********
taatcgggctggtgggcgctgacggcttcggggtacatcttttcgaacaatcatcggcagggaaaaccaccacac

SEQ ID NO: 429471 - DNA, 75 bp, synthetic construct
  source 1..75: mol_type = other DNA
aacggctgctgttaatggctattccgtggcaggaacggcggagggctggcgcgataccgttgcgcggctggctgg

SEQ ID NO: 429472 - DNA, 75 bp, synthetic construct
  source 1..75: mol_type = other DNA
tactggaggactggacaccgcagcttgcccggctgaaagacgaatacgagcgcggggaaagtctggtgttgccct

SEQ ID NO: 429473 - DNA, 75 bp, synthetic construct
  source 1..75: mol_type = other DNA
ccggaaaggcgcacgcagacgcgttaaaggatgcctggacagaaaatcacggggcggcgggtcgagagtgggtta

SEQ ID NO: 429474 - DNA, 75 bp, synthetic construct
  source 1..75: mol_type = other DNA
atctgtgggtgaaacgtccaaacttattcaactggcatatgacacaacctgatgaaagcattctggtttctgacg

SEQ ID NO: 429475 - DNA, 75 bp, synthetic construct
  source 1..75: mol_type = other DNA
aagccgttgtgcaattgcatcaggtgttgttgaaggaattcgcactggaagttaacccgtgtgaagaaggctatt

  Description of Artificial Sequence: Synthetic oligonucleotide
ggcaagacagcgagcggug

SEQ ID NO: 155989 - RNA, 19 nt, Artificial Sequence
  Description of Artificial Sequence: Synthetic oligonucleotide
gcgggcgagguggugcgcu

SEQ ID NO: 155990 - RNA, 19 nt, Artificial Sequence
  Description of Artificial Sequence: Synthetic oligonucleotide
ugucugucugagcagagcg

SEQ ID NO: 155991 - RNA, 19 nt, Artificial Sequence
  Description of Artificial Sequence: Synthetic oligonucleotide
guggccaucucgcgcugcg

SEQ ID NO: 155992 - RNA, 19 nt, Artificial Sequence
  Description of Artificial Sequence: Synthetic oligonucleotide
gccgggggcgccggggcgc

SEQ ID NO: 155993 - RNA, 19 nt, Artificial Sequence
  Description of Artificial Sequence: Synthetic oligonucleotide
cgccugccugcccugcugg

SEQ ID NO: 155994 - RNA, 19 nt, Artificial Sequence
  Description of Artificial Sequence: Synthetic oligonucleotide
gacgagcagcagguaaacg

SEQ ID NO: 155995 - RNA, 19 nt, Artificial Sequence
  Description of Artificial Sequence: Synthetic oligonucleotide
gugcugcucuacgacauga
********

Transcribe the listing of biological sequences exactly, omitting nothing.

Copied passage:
taatcgggctggtgggcgctgacggcttcggggtacatcttttcgaacaatcatcggcagggaaaaccaccacac

SEQ ID NO: 429471 - DNA, 75 bp, synthetic construct
  source 1..75: mol_type = other DNA
aacggctgctgttaatggctattccgtggcaggaacggcggagggctggcgcgataccgttgcgcggctggctgg

SEQ ID NO: 429472 - DNA, 75 bp, synthetic construct
  source 1..75: mol_type = other DNA
tactggaggactggacaccgcagcttgcccggctgaaagacgaatacgagcgcggggaaagtctggtgttgccct

SEQ ID NO: 429473 - DNA, 75 bp, synthetic construct
  source 1..75: mol_type = other DNA
ccggaaaggcgcacgcagacgcgttaaaggatgcctggacagaaaatcacggggcggcgggtcgagagtgggtta

SEQ ID NO: 429474 - DNA, 75 bp, synthetic construct
  source 1..75: mol_type = other DNA
atctgtgggtgaaacgtccaaacttattcaactggcatatgacacaacctgatgaaagcattctggtttctgacg

SEQ ID NO: 429475 - DNA, 75 bp, synthetic construct
  source 1..75: mol_type = other DNA
aagccgttgtgcaattgcatcaggtgttgttgaaggaattcgcactggaagttaacccgtgtgaagaaggctatt

  Description of Artificial Sequence: Synthetic oligonucleotide
ggcaagacagcgagcggug

SEQ ID NO: 155989 - RNA, 19 nt, Artificial Sequence
  Description of Artificial Sequence: Synthetic oligonucleotide
gcgggcgagguggugcgcu

SEQ ID NO: 155990 - RNA, 19 nt, Artificial Sequence
  Description of Artificial Sequence: Synthetic oligonucleotide
ugucugucugagcagagcg

SEQ ID NO: 155991 - RNA, 19 nt, Artificial Sequence
  Description of Artificial Sequence: Synthetic oligonucleotide
guggccaucucgcgcugcg

SEQ ID NO: 155992 - RNA, 19 nt, Artificial Sequence
  Description of Artificial Sequence: Synthetic oligonucleotide
gccgggggcgccggggcgc

SEQ ID NO: 155993 - RNA, 19 nt, Artificial Sequence
  Description of Artificial Sequence: Synthetic oligonucleotide
cgccugccugcccugcugg

SEQ ID NO: 155994 - RNA, 19 nt, Artificial Sequence
  Description of Artificial Sequence: Synthetic oligonucleotide
gacgagcagcagguaaacg

SEQ ID NO: 155995 - RNA, 19 nt, Artificial Sequence
  Description of Artificial Sequence: Synthetic oligonucleotide
gugcugcucuacgacauga